The Counter Punch: A Persuasion Tactic
How to destroy competition and influence people
Over the years I’ve faced a lot of adversarial situations. Whether it’s dealing with an unfair police officer, or debating the value of an issue with a stubborn prospect, I enjoy the intellectual challenge and rush of adrenaline that comes with a high-stakes debate. We all do. But not all adversarial situations are created the same. Sometimes what started out as a lively argument degrades into genuinely hostile exchange — and that’s a different game altogether. And must be handled differently. Nobody likes being threatened, cheated, or slandered.
In sales and legal industries, for example, it’s common for rivals to slander each other’s reputations in order to siphon away prospective friends or acquaintances. This is neither fair nor honorable. Nor does it allow room for lively debate. In that type of situation you must either defend yourself absolutely or lose all credibility. Of course the allegations weren’t true. And in such situations it was impossible to win the deal until I had made it abundantly clear just how degenerate our lying competitors really were.
As business people, neighbors, and citizens we believe that when we’re competing with each other, there’s a thin line of honor that runs through all human souls. We believe we’ll be treated fairly by other people just because. But there isn’t. And we won’t. When a situation devolves into an outright attack, it’s an upsetting thing and we never get used to it. But it must also be dealt with immediately and definitively. In other words, it must be dealt with in a way that unequivocally salvages your reputation and absolutely destroys the reputation of your slanderer. How can you do this?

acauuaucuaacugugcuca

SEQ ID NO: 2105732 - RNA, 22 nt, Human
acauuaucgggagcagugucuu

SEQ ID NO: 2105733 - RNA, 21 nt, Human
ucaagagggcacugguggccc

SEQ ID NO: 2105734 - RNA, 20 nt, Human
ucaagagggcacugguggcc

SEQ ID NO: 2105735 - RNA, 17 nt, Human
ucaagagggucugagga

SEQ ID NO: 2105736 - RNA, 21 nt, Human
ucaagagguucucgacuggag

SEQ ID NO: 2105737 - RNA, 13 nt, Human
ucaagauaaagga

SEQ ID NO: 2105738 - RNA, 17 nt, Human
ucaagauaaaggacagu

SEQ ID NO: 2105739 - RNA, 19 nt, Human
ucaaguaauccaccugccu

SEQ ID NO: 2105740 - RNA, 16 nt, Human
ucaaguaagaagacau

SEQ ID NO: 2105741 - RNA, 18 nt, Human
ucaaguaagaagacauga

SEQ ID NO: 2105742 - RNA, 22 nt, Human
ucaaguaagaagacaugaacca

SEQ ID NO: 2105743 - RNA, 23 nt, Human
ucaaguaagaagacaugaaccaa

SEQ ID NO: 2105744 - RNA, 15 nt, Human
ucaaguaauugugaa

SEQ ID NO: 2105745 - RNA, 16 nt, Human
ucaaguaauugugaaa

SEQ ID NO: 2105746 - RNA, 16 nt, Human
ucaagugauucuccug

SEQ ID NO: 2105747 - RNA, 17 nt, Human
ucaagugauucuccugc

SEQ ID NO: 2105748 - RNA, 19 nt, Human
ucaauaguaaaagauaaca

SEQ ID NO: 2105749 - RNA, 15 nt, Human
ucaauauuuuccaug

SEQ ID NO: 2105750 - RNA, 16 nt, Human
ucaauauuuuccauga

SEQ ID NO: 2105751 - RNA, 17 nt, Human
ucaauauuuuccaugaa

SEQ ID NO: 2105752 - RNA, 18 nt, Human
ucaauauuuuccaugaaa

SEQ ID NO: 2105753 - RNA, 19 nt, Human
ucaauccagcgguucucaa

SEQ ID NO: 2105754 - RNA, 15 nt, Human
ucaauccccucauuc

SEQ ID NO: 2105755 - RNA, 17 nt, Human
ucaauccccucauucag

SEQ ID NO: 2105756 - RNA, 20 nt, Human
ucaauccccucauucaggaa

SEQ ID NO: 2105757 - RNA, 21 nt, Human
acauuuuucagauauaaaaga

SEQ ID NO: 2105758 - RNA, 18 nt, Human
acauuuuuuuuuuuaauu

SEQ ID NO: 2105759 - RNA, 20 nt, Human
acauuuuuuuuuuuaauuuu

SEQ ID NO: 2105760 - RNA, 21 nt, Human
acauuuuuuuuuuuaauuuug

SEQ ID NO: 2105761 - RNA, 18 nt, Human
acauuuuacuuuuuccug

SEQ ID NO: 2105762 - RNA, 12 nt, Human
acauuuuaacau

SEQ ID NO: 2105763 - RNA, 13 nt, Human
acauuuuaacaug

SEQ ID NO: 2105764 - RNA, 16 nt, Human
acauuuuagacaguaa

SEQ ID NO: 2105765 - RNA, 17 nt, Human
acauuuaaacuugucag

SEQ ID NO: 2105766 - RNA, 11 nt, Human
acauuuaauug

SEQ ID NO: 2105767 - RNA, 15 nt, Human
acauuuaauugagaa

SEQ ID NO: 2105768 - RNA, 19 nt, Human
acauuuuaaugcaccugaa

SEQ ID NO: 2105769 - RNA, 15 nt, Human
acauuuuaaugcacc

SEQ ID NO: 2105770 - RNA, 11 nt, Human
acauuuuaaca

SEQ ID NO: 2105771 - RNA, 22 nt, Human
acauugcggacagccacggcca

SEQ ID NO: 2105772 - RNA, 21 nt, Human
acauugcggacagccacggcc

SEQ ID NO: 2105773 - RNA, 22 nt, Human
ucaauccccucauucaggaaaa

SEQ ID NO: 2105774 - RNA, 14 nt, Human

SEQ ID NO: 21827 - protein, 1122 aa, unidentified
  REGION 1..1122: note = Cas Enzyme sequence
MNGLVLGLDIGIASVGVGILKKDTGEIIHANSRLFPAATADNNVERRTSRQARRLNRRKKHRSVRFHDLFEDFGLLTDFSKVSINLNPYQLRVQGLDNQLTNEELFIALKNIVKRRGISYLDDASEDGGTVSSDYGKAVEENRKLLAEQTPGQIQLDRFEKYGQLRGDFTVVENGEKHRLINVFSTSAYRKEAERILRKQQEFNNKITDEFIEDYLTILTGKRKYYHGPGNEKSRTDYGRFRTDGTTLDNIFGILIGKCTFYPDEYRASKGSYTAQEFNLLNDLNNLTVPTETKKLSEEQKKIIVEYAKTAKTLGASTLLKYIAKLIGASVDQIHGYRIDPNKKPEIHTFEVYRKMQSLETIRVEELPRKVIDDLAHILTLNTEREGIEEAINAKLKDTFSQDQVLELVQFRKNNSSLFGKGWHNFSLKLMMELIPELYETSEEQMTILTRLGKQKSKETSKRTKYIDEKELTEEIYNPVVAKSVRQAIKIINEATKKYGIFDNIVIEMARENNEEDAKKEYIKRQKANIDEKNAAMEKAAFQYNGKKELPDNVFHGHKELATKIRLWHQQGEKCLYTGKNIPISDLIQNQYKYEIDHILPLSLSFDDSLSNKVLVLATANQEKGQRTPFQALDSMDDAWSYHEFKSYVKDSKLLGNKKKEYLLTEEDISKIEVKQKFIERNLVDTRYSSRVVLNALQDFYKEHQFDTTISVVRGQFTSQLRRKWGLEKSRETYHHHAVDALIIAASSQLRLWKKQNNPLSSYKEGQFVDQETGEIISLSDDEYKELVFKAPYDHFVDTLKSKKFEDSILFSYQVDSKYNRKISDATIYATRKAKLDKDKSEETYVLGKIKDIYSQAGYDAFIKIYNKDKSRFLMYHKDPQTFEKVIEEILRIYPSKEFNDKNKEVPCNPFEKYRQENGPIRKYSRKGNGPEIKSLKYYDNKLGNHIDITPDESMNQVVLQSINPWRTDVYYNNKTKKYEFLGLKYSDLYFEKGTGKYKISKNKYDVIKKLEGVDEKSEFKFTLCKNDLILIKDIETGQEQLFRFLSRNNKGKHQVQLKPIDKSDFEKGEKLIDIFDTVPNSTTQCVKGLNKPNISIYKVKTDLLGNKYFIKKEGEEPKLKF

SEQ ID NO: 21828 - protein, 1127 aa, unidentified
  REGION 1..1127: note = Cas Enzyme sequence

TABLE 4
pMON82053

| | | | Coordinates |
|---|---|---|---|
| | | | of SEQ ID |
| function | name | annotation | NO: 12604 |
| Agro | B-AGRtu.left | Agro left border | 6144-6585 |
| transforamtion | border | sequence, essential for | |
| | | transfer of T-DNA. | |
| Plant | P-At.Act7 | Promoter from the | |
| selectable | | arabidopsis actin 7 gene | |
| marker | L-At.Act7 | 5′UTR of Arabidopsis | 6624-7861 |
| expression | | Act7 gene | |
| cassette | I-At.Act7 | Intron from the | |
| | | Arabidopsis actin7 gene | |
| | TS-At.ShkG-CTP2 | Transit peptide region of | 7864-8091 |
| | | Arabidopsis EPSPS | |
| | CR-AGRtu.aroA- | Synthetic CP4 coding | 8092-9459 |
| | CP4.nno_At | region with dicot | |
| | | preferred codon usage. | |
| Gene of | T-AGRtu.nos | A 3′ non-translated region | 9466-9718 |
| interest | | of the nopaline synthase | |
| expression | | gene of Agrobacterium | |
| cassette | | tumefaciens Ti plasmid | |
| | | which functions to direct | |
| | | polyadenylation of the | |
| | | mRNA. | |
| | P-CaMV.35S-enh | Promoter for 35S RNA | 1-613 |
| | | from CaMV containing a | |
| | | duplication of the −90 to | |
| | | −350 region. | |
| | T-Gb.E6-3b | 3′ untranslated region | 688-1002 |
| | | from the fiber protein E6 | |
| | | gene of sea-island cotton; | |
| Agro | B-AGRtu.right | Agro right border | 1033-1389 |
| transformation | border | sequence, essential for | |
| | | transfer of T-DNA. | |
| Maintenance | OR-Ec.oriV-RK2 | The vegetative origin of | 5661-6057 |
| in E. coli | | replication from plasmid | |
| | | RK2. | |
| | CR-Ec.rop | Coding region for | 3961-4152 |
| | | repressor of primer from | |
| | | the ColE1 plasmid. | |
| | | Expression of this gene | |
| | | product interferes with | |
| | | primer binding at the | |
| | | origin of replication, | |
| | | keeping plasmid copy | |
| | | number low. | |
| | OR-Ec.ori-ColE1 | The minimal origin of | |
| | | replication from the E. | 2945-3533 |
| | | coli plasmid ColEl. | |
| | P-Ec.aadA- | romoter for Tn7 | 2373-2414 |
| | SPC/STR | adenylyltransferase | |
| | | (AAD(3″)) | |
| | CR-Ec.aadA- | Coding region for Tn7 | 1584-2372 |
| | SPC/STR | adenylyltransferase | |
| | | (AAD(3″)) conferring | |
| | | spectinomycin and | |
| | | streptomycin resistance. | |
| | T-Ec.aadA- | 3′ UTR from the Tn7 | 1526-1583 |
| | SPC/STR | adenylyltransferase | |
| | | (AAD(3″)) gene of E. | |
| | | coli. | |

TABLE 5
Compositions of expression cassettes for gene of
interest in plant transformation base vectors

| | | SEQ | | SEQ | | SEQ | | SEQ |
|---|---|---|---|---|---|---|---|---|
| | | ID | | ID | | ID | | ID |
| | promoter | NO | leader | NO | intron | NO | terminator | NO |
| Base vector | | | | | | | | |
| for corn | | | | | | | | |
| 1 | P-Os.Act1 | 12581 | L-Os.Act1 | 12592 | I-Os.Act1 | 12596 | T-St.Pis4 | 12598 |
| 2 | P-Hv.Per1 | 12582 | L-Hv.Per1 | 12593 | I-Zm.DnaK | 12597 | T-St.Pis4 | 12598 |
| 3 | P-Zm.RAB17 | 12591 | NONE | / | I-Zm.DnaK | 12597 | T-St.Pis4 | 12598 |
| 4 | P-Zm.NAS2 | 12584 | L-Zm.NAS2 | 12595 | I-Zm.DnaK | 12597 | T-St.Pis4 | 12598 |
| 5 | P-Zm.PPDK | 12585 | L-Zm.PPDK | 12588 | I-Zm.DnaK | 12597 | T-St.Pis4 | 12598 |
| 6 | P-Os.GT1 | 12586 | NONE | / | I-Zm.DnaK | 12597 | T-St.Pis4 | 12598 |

Fortunately, as Dr. Robert Cialdini notes in his book Pre-Suasion, “in contests of persuasion, counter-arguments are typically more powerful than arguments.” In other words, the mere fact that you’re responding to an attack gives you the upper-hand over your rival.
A significantly more important finding by Cialdini is this: the most powerful counter-claims don’t just refute a rival’s claim by showing it to be mistaken or misdirected. Instead, “they show the rival communicator to be an untrustworthy source of information generally.” In other words, when you’re in the gutter arguing against someone who isn’t playing fair, your best option is to show that he or she is a liar. Not only on this occasion, but fundamentally. This will win your current battle and future battles with that opponent.
This is thanks to another powerful phenomenon known as confirmation bias. Confirmation bias maintains that we as humans tend to search for or interpret information in a way that confirms our preconceptions. The corollary of which is: if you believe the attacker is a liar, your mind will instinctively search for instances that confirm that belief and will often ignore ones that don’t.
So, what are the takeaways for you as future master of the universe? Number one: if you’re in an intellectual or professional street fight, try to be perceived as the respondent — not the aggressor. Number two: don’t waste your time trying to paint your rival as incompetent, mistaken, petty, or foolish. If you want maximum impact, paint them as a dyed-in-the-wool pants-on-fire liar.